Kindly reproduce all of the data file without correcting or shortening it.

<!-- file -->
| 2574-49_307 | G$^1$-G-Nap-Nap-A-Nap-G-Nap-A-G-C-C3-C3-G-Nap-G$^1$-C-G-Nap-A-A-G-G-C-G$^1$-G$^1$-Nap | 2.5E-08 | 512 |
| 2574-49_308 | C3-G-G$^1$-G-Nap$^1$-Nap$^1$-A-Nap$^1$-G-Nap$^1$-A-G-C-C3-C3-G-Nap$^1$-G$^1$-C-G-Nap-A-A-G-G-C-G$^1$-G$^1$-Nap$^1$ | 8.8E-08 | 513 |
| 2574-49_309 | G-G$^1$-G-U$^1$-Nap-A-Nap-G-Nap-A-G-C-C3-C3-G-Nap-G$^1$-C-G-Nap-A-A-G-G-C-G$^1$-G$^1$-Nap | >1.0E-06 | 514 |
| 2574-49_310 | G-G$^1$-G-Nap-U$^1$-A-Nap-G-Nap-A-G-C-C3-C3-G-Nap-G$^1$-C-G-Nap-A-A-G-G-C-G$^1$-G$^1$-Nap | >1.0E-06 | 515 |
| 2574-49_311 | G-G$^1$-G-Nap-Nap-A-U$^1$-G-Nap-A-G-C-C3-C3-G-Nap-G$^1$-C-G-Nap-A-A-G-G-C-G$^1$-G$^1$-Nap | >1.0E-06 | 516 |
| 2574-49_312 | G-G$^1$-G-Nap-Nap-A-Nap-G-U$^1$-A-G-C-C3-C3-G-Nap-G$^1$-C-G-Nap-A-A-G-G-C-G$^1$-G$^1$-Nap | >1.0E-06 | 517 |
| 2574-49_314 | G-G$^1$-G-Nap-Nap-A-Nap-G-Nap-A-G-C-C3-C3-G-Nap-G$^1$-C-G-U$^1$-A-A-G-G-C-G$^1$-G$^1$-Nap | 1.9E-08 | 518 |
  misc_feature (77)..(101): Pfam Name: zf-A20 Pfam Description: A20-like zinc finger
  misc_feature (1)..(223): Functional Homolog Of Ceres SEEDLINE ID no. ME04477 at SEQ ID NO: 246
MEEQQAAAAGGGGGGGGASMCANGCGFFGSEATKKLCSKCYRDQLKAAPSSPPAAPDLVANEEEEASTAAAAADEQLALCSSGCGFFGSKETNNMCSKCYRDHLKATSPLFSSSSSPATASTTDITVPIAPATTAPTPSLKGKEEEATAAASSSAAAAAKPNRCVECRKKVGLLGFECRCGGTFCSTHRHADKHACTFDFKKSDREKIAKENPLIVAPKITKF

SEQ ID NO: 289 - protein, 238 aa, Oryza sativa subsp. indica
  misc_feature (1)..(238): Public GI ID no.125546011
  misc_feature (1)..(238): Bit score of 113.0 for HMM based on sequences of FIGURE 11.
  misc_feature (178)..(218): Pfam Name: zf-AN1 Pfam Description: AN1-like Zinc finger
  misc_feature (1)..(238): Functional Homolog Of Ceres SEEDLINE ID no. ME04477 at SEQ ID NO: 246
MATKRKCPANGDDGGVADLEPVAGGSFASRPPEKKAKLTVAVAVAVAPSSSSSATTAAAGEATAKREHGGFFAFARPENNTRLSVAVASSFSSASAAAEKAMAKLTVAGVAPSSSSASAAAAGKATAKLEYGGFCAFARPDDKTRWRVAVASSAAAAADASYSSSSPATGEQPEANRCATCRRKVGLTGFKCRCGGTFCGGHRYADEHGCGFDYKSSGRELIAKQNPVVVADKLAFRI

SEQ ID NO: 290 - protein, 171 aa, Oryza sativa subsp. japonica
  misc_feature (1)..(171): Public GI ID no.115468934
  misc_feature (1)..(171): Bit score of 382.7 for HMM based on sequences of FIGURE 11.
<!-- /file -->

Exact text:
| 2574-49_307 | G$^1$-G-Nap-Nap-A-Nap-G-Nap-A-G-C-C3-C3-G-Nap-G$^1$-C-G-Nap-A-A-G-G-C-G$^1$-G$^1$-Nap | 2.5E-08 | 512 |
| 2574-49_308 | C3-G-G$^1$-G-Nap$^1$-Nap$^1$-A-Nap$^1$-G-Nap$^1$-A-G-C-C3-C3-G-Nap$^1$-G$^1$-C-G-Nap-A-A-G-G-C-G$^1$-G$^1$-Nap$^1$ | 8.8E-08 | 513 |
| 2574-49_309 | G-G$^1$-G-U$^1$-Nap-A-Nap-G-Nap-A-G-C-C3-C3-G-Nap-G$^1$-C-G-Nap-A-A-G-G-C-G$^1$-G$^1$-Nap | >1.0E-06 | 514 |
| 2574-49_310 | G-G$^1$-G-Nap-U$^1$-A-Nap-G-Nap-A-G-C-C3-C3-G-Nap-G$^1$-C-G-Nap-A-A-G-G-C-G$^1$-G$^1$-Nap | >1.0E-06 | 515 |
| 2574-49_311 | G-G$^1$-G-Nap-Nap-A-U$^1$-G-Nap-A-G-C-C3-C3-G-Nap-G$^1$-C-G-Nap-A-A-G-G-C-G$^1$-G$^1$-Nap | >1.0E-06 | 516 |
| 2574-49_312 | G-G$^1$-G-Nap-Nap-A-Nap-G-U$^1$-A-G-C-C3-C3-G-Nap-G$^1$-C-G-Nap-A-A-G-G-C-G$^1$-G$^1$-Nap | >1.0E-06 | 517 |
| 2574-49_314 | G-G$^1$-G-Nap-Nap-A-Nap-G-Nap-A-G-C-C3-C3-G-Nap-G$^1$-C-G-U$^1$-A-A-G-G-C-G$^1$-G$^1$-Nap | 1.9E-08 | 518 |
  misc_feature (77)..(101): Pfam Name: zf-A20 Pfam Description: A20-like zinc finger
  misc_feature (1)..(223): Functional Homolog Of Ceres SEEDLINE ID no. ME04477 at SEQ ID NO: 246
MEEQQAAAAGGGGGGGGASMCANGCGFFGSEATKKLCSKCYRDQLKAAPSSPPAAPDLVANEEEEASTAAAAADEQLALCSSGCGFFGSKETNNMCSKCYRDHLKATSPLFSSSSSPATASTTDITVPIAPATTAPTPSLKGKEEEATAAASSSAAAAAKPNRCVECRKKVGLLGFECRCGGTFCSTHRHADKHACTFDFKKSDREKIAKENPLIVAPKITKF

SEQ ID NO: 289 - protein, 238 aa, Oryza sativa subsp. indica
  misc_feature (1)..(238): Public GI ID no.125546011
  misc_feature (1)..(238): Bit score of 113.0 for HMM based on sequences of FIGURE 11.
  misc_feature (178)..(218): Pfam Name: zf-AN1 Pfam Description: AN1-like Zinc finger
  misc_feature (1)..(238): Functional Homolog Of Ceres SEEDLINE ID no. ME04477 at SEQ ID NO: 246
MATKRKCPANGDDGGVADLEPVAGGSFASRPPEKKAKLTVAVAVAVAPSSSSSATTAAAGEATAKREHGGFFAFARPENNTRLSVAVASSFSSASAAAEKAMAKLTVAGVAPSSSSASAAAAGKATAKLEYGGFCAFARPDDKTRWRVAVASSAAAAADASYSSSSPATGEQPEANRCATCRRKVGLTGFKCRCGGTFCGGHRYADEHGCGFDYKSSGRELIAKQNPVVVADKLAFRI

SEQ ID NO: 290 - protein, 171 aa, Oryza sativa subsp. japonica
  misc_feature (1)..(171): Public GI ID no.115468934
  misc_feature (1)..(171): Bit score of 382.7 for HMM based on sequences of FIGURE 11.